Coco Gauff tells Roger Federer of practical ways he could support protesters' fight for justice

Simon Briggs
Cori Gauff of the U.S. celebrates during the match against Venus Williams at the Australian Open - HANNAH MCKAY/Reuters

Coco Gauff, the 16-year-old, emerging star of tennis, continues to show a strong political consciousness in her social-media activity.

When Roger Federer posted a black square on his Instagram feed, in support of protesters in the United States, Gauff replied with a more detailed list of practical ways in which people might be able to help the cause.

The list of options – which had been compiled by the Black Lives Matter movement – included “Sign petitions”, “Text or call”, “Donate” and “More resources for protesters”. At the top of the post, a message encouraged readers: “Educate yourself [because] this doesn’t go away once the topic isn’t ‘trending.”

Along with her friend and rival Naomi Osaka, Gauff has been one of the most outspoken players on the subject of America’s recent race riots.

Both women appeared in a video fronted by Frances Tiafoe with the slogan “Racquets Down, Hands Up”. Released at the weekend, it featured black players, commentators and administrators making a stand against racial inequality, including Serena Williams, Gaël Monfils and British No2 Heather Watson.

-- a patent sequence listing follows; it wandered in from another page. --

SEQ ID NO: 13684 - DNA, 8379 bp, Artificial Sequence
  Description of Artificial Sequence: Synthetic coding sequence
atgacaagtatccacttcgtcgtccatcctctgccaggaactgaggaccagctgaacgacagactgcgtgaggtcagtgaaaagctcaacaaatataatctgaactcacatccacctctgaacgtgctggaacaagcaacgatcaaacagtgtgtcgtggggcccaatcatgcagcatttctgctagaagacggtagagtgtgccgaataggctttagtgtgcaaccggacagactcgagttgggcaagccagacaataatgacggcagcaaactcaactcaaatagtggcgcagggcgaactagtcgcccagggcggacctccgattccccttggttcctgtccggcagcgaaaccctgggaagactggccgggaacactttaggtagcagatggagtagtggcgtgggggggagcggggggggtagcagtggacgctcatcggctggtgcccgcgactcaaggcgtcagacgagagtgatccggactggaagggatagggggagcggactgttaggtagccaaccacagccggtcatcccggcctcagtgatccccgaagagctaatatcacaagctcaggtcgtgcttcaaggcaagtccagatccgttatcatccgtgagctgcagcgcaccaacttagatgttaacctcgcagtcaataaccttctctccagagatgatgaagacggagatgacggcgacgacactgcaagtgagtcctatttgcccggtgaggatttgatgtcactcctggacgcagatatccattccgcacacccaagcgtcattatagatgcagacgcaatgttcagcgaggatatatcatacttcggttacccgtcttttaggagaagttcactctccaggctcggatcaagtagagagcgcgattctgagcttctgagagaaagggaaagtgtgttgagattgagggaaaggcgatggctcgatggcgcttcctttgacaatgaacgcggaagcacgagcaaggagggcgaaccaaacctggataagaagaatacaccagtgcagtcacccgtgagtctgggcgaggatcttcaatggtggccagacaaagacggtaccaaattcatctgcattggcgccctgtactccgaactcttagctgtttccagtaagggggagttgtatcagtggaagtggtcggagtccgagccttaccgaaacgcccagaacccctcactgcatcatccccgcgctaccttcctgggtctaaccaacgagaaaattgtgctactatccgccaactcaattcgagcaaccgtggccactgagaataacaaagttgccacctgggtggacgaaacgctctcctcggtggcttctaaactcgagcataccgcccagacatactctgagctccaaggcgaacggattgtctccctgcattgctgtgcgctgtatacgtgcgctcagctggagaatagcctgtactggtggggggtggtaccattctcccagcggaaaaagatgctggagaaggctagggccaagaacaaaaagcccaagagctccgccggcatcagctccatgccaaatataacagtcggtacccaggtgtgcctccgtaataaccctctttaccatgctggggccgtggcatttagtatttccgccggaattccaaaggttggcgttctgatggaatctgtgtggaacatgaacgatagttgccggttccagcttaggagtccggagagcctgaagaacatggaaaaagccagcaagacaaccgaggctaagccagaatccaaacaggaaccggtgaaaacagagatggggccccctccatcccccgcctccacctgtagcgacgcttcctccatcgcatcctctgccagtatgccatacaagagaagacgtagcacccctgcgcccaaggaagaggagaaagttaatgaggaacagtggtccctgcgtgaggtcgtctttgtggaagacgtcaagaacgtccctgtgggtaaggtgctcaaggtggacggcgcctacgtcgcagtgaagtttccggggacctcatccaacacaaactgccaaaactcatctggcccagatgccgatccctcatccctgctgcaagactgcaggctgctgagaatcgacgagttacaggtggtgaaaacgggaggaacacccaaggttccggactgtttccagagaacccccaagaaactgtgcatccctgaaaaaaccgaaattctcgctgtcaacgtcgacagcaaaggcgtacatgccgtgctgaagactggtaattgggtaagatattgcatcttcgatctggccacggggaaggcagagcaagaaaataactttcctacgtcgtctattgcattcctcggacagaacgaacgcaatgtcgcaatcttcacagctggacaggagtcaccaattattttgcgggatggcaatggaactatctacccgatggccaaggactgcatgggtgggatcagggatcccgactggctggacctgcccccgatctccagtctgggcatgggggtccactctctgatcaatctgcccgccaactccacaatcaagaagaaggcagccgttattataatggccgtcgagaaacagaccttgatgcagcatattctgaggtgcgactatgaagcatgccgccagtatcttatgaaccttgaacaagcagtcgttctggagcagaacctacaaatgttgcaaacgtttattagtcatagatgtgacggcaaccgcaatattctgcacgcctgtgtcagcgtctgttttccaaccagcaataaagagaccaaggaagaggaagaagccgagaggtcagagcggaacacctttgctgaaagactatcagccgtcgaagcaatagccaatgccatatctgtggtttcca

All of the “Big Three” men posted the same image on Tuesday: a black square, which Novak Djokovic supplemented with the hashtag #BlackoutTuesday. Yet some questioned why none of them had made any comments in their own words, or even simply posted a link to the Tiafoe video.

On her Twitter feed, Osaka wrote “I’m torn between roasting people for only posting the black square this entire week ... Or, accepting that they could’ve posted nothing at all so I should deal with this bare minimum bread crumb they have given.”

This message followed on from Osaka’s previous impassioned posts from last week. “Just because it isn’t happening to you,” she wrote, “doesn’t mean it isn’t happening at all.” She also retweeted a powerful quote from Martin Luther King: “There comes a time when silence is betrayal.”